I have read about BitTorrent protocols and how uTorrent works specifically. The main idea is that instead of many clients accessing the same server for downloading a file, different parts of the file are given to the clients, and then it is shared among the peers (peer to peer). Therefore, improving efficiency and download speed by decreasing the overload on the server.
What if we look at it a little bit differently. We do take advantage of more commputers, but, those machines also gain others' trust. Unlike a sole legitimate server, malicious users can join a p2p download session and share fake info instead of the real content of a file.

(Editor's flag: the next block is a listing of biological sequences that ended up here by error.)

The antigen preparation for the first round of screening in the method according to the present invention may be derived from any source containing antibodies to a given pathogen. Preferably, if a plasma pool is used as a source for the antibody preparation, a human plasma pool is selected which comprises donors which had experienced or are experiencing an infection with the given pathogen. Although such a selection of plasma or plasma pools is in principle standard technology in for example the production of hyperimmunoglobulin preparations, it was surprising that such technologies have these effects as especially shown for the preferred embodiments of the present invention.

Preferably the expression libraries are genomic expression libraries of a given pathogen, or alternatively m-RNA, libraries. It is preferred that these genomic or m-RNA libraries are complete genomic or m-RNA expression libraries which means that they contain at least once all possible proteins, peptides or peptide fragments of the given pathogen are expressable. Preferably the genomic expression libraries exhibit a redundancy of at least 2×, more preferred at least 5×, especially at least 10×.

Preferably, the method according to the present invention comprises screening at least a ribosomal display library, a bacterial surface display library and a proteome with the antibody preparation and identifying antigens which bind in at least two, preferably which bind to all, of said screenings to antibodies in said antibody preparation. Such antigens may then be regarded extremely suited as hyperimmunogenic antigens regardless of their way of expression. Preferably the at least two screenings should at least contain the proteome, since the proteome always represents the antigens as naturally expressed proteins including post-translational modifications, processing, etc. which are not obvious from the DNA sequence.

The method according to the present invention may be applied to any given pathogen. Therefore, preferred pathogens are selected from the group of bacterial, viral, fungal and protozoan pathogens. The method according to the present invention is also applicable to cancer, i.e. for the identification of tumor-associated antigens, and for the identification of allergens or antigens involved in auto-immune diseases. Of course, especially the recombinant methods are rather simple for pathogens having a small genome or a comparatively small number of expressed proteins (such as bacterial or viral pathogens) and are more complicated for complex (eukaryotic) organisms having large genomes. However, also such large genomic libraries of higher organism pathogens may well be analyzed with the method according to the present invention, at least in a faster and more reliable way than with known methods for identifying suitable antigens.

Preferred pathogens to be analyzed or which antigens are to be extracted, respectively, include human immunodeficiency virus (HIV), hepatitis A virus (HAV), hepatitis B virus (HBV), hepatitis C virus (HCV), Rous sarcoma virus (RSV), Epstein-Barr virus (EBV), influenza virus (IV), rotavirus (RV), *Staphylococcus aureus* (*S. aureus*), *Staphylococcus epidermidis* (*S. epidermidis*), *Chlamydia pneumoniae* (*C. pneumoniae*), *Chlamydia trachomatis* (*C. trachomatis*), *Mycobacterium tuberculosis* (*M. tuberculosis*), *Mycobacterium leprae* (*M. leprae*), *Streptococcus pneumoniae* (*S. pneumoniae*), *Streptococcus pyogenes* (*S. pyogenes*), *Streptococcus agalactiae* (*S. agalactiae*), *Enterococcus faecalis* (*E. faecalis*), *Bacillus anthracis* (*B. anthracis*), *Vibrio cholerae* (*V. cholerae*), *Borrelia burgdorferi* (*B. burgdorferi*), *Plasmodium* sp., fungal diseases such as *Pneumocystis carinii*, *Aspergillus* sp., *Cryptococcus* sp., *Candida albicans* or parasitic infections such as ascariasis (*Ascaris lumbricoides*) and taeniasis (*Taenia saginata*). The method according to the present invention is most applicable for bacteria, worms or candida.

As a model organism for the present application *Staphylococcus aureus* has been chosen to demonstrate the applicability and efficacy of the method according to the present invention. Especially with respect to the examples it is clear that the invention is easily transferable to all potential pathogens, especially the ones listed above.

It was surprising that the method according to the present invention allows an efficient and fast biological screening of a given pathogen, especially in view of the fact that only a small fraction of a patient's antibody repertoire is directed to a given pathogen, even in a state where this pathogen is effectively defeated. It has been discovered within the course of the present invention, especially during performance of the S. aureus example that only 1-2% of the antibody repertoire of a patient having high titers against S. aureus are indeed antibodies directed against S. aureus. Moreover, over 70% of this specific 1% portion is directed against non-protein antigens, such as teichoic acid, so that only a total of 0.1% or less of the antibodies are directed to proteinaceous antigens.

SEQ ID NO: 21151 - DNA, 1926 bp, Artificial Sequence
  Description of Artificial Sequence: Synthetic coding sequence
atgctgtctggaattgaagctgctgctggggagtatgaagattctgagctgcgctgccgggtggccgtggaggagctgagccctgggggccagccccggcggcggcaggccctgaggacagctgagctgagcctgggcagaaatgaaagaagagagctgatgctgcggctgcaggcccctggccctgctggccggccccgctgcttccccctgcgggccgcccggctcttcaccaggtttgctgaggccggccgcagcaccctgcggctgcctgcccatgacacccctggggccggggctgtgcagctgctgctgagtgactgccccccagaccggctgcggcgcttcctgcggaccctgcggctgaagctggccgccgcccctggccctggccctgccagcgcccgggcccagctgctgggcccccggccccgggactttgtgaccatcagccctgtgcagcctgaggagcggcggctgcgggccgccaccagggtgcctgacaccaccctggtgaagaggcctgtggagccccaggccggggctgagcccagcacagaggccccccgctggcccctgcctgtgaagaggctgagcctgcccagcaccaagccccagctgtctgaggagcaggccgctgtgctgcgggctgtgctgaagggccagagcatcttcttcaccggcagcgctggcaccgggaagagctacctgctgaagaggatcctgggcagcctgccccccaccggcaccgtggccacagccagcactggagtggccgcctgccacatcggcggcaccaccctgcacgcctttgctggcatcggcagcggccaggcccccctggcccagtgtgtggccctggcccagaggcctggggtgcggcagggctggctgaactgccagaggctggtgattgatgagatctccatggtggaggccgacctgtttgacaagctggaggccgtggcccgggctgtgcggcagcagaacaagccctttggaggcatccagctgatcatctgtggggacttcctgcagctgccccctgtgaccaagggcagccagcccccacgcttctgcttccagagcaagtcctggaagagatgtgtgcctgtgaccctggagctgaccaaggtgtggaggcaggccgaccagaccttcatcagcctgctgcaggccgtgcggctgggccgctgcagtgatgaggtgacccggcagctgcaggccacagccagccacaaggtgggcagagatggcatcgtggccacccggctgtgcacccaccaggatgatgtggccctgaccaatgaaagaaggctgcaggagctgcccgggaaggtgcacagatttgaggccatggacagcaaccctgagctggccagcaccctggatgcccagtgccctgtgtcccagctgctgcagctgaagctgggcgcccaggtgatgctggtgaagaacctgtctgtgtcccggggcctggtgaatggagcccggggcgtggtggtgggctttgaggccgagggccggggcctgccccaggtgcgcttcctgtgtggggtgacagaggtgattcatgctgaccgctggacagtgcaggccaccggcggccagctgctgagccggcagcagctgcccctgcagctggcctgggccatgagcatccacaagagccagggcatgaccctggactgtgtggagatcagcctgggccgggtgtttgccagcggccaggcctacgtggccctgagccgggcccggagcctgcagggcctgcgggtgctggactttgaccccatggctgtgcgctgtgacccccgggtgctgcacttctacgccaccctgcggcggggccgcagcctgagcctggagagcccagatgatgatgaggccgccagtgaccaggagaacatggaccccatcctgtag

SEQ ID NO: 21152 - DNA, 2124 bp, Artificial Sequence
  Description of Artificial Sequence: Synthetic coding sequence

For example, consider the following. Two users (user1, user2) are trying to download a jpg image. Each of these users is responsible for sharing their part of the image to the other peers (in this case only one). The public server is responsible for 1/3, user1 is responsible for 1/3 and user2 is responsible for 1/3. What happens if user2 decides to forward fake data to user1? Theoretically, it can control 1/3 of user1's image.
This example can be used with any other file format (exe, libraries, or any other files which can theoretically lead to remote code execution).
I know, it is possible to detect this by comparing the file signatures with the original server. However, do BitTorrents protocols do this? Is this technique even possible at all?